Lawson  Wehner

Lawson Wehner

1615836720

Microservices With Observability on Kubernetes

A Complete Guide to deployment, logging, distributed tracing, performance, and metrics monitoring including cluster health.

Are you looking to implement observable microservices but clueless as to how to make them work with Kubernetes? Well, well… This could be the blog you have been searching for.

First, let us understand what observability is. This term originated in control system engineering and was defined as “a measure of how well internal states of a system can be inferred by knowledge of its external outputs.” In simple terms, observability means adequate insights into a system facilitating corrective action.

There are three main pillars of observability:

  • Event Logs: A record of an event that happened in the system. Events are discrete and contain metadata about the system when they occur.
  • Tracing: The system usually consists of many parts/components that work cohesively to provide certain meaningful functionality. For a particular functionality, tracing of request and response flow across distributed components is critical for effective debugging/troubleshooting.
  • Metrics: Performance of the system measured over a period of time. These indicate the service level of a system.

Now the question is, how do we get this implemented in a Kubernetes cluster for our microservices components?

Microservices - Kubernetes App

Below is an example that can act as a guide for your microservices-based production app.

Let us consider a microservice app that provides weather information for a given city.

  • Weather-front: Component that comprises frontend UI to input a city name to view the weather info. Please see the screenshot above.
  • Weather-services: Component that takes the city as an input and calls an external weather API to retrieve weather details
  • Weather-db: This component is the Maria database component where weather data, that is pulled in the background for the city being followed, is stored.

#tutorial #microservices #kubernetes #observability

What is GEEK

Buddha Community

Microservices With Observability on Kubernetes
Christa  Stehr

Christa Stehr

1602964260

50+ Useful Kubernetes Tools for 2020 - Part 2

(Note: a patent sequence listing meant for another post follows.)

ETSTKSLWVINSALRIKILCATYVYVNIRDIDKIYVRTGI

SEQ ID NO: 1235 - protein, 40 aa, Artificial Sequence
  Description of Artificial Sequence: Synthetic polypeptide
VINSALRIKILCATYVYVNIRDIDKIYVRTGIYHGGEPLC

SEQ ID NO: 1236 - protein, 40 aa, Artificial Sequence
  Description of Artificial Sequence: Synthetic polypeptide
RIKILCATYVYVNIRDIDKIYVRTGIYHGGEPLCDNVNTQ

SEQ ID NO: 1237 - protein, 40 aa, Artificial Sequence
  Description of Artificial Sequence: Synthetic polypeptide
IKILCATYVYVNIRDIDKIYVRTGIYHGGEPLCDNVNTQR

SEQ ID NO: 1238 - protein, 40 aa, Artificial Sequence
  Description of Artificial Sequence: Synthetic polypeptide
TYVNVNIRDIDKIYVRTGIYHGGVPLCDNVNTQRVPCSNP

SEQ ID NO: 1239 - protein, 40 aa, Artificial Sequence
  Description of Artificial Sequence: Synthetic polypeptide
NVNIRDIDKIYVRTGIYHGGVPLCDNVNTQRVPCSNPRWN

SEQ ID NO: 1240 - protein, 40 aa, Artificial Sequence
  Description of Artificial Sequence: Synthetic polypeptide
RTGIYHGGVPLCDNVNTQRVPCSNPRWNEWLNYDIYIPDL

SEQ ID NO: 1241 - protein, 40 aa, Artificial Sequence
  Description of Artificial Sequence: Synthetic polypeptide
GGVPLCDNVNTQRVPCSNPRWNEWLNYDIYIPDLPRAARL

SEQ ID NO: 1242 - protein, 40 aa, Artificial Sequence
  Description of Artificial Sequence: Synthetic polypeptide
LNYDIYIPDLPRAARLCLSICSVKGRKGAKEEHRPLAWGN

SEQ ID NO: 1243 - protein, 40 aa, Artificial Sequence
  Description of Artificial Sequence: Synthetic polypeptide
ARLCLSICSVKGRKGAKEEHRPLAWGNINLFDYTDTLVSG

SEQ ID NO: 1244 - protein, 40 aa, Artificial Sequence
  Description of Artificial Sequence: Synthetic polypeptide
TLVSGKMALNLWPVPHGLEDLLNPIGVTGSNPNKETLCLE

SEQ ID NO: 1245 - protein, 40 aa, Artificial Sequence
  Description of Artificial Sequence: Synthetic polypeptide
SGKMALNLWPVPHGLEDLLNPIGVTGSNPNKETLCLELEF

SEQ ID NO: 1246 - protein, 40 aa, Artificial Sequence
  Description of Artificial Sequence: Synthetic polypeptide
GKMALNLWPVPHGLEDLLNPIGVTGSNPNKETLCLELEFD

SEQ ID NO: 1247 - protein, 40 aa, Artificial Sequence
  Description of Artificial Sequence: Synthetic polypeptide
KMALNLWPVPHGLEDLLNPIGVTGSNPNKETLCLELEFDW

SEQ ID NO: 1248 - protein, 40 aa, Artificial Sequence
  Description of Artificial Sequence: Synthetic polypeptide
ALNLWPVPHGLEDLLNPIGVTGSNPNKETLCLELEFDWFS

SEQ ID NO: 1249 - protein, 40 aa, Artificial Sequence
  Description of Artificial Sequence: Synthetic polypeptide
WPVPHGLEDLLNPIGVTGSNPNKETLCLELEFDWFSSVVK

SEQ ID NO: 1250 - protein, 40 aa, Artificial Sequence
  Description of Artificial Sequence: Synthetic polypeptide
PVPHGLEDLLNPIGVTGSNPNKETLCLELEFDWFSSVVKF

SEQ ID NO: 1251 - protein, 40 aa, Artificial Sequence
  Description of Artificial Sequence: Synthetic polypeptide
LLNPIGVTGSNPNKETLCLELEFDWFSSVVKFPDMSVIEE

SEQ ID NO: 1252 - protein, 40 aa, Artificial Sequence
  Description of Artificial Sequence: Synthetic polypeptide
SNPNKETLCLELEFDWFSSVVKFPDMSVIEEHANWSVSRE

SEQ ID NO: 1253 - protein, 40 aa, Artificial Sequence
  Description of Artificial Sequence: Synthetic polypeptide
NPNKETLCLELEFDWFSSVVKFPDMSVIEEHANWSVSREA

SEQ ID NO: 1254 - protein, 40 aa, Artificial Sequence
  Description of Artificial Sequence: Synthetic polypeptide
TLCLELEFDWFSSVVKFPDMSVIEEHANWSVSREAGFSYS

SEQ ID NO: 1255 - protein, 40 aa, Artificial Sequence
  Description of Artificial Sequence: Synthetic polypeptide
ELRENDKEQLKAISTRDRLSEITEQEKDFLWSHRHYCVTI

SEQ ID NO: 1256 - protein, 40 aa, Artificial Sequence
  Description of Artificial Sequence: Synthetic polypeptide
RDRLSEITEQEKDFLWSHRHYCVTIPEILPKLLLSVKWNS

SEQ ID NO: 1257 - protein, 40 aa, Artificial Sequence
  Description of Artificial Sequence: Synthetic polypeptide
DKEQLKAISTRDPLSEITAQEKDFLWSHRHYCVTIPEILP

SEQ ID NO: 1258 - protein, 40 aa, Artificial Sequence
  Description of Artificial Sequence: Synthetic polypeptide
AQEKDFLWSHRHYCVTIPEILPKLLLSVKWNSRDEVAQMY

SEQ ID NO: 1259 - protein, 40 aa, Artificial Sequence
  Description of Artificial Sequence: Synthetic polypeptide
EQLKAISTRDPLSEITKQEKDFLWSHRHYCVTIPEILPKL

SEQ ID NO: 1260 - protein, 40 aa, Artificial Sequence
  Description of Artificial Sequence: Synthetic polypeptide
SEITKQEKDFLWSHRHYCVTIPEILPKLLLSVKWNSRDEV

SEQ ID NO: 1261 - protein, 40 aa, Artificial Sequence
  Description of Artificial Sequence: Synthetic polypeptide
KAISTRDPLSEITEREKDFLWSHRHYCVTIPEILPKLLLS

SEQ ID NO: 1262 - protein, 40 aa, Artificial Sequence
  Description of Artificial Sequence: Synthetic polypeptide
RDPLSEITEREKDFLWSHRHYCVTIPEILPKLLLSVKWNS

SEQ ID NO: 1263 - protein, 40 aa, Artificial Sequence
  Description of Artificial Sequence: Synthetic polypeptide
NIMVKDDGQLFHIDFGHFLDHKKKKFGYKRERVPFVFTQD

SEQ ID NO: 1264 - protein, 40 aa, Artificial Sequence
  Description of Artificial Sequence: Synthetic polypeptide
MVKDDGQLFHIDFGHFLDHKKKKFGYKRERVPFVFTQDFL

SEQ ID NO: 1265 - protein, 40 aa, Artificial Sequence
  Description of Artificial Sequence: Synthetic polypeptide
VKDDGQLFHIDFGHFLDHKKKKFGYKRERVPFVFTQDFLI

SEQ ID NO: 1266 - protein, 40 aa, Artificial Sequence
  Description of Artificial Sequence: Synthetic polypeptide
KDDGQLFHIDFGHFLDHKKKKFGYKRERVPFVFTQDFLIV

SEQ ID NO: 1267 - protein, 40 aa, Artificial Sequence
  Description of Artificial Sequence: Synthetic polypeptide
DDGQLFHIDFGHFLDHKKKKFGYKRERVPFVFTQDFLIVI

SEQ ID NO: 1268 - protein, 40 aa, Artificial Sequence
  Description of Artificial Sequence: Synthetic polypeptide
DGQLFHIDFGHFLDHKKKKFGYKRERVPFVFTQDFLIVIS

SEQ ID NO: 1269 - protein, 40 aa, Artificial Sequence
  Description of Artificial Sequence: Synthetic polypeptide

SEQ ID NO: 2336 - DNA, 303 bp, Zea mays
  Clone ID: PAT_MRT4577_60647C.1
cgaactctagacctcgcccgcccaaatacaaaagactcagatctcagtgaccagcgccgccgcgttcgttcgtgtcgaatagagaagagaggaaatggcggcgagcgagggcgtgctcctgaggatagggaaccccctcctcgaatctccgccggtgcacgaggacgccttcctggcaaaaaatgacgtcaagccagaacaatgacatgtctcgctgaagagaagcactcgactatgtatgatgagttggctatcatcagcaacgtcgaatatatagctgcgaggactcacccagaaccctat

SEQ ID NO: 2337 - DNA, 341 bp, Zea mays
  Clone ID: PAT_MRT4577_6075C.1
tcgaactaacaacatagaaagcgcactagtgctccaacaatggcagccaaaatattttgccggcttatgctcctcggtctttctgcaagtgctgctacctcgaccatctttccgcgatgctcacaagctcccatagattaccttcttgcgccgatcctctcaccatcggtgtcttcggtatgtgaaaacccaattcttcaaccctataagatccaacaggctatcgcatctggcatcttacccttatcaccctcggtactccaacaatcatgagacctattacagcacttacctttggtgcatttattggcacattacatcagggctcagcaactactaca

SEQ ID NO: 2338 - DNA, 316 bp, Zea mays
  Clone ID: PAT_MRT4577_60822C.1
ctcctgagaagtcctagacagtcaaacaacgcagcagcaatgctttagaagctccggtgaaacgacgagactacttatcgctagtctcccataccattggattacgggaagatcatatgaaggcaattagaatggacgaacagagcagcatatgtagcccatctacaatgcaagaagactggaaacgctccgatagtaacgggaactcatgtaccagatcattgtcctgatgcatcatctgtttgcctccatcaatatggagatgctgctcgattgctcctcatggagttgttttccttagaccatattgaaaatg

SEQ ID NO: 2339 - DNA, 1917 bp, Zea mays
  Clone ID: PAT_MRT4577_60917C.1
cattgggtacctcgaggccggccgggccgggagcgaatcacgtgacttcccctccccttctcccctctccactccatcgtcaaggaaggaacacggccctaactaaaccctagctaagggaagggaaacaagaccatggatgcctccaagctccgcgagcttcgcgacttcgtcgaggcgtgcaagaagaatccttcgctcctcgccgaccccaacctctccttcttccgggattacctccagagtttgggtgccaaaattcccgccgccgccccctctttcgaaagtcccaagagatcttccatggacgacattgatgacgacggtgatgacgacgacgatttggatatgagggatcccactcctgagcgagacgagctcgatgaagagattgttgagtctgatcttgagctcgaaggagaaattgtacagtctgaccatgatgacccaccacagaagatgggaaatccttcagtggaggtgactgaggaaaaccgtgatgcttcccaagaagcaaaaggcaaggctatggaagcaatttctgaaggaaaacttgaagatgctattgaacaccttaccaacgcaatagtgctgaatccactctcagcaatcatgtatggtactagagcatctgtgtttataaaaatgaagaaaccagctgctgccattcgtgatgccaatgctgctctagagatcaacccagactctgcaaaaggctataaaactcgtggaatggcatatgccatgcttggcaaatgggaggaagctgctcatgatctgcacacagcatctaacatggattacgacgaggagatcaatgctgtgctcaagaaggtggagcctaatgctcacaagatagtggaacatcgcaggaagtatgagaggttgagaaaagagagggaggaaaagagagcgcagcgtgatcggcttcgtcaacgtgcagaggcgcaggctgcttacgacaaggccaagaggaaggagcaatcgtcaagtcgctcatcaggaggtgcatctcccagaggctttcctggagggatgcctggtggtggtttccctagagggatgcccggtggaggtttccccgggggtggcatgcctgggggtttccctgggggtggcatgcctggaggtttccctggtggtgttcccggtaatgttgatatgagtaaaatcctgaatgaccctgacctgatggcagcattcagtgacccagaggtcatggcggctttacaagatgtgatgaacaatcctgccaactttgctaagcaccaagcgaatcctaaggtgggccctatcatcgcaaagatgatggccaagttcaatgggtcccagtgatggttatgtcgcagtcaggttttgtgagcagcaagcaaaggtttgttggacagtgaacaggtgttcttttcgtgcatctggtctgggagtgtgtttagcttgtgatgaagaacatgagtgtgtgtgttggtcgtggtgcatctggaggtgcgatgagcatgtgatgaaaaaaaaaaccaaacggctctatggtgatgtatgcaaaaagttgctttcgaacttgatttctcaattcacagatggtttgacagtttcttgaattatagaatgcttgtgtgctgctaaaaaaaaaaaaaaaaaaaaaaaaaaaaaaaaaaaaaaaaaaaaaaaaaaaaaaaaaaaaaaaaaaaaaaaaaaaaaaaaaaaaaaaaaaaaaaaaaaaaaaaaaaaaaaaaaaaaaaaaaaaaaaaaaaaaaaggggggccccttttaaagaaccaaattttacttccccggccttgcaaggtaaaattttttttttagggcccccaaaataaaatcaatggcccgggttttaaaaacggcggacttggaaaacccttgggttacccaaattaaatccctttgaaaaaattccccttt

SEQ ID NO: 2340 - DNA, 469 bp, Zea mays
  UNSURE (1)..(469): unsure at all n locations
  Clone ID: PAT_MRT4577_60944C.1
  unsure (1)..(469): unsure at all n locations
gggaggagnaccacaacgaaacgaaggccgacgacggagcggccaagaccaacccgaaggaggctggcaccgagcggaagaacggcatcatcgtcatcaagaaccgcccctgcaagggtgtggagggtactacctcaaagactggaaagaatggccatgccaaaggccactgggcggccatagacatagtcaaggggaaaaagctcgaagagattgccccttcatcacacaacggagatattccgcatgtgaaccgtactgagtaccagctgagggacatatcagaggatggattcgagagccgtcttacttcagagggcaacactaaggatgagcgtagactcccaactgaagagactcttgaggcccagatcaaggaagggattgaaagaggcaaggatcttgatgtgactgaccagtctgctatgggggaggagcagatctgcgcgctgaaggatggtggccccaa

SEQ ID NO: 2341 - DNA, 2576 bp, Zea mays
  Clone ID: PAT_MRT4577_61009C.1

Introduction

Last year, we provided a list of Kubernetes tools that proved so popular we have decided to curate another list of some useful additions for working with the platform—among which are many tools that we personally use here at Caylent. Check out the original tools list here in case you missed it.

According to a recent survey done by Stackrox, the dominance Kubernetes enjoys in the market continues to be reinforced, with 86% of respondents using it for container orchestration.

(State of Kubernetes and Container Security, 2020)

And as you can see below, more and more companies are jumping into containerization for their apps. If you’re among them, here are some tools to aid you going forward as Kubernetes continues its rapid growth.

(State of Kubernetes and Container Security, 2020)

#blog #tools #amazon elastic kubernetes service #application security #aws kms #botkube #caylent #cli #container monitoring #container orchestration tools #container security #containers #continuous delivery #continuous deployment #continuous integration #contour #developers #development #developments #draft #eksctl #firewall #gcp #github #harbor #helm #helm charts #helm-2to3 #helm-aws-secret-plugin #helm-docs #helm-operator-get-started #helm-secrets #iam #json #k-rail #k3s #k3sup #k8s #keel.sh #keycloak #kiali #kiam #klum #knative #krew #ksniff #kube #kube-prod-runtime #kube-ps1 #kube-scan #kube-state-metrics #kube2iam #kubeapps #kubebuilder #kubeconfig #kubectl #kubectl-aws-secrets #kubefwd #kubernetes #kubernetes command line tool #kubernetes configuration #kubernetes deployment #kubernetes in development #kubernetes in production #kubernetes ingress #kubernetes interfaces #kubernetes monitoring #kubernetes networking #kubernetes observability #kubernetes plugins #kubernetes secrets #kubernetes security #kubernetes security best practices #kubernetes security vendors #kubernetes service discovery #kubernetic #kubesec #kubeterminal #kubeval #kudo #kuma #microsoft azure key vault #mozilla sops #octant #octarine #open source #palo alto kubernetes security #permission-manager #pgp #rafay #rakess #rancher #rook #secrets operations #serverless function #service mesh #shell-operator #snyk #snyk container #sonobuoy #strongdm #tcpdump #tenkai #testing #tigera #tilt #vert.x #wireshark #yaml

Maud  Rosenbaum

Maud Rosenbaum

1601051854

Kubernetes in the Cloud: Strategies for Effective Multi Cloud Implementations

Kubernetes is a highly popular container orchestration platform. Multi cloud is a strategy that leverages cloud resources from multiple vendors. Multi cloud strategies have become popular because they help prevent vendor lock-in and enable you to leverage a wide variety of cloud resources. However, multi cloud ecosystems are notoriously difficult to configure and maintain.

This article explains how you can leverage Kubernetes to reduce multi cloud complexities and improve stability, scalability, and velocity.

Kubernetes: Your Multi Cloud Strategy

Maintaining standardized application deployments becomes more challenging as your number of applications and the technologies they are based on increase. As environments, operating systems, and dependencies differ, management and operations require more effort and extensive documentation.

In the past, teams tried to get around these difficulties by creating isolated projects in the data center. Each project, including its configurations and requirements were managed independently. This required accurately predicting performance and the number of users before deployment and taking down applications to update operating systems or applications. There were many chances for error.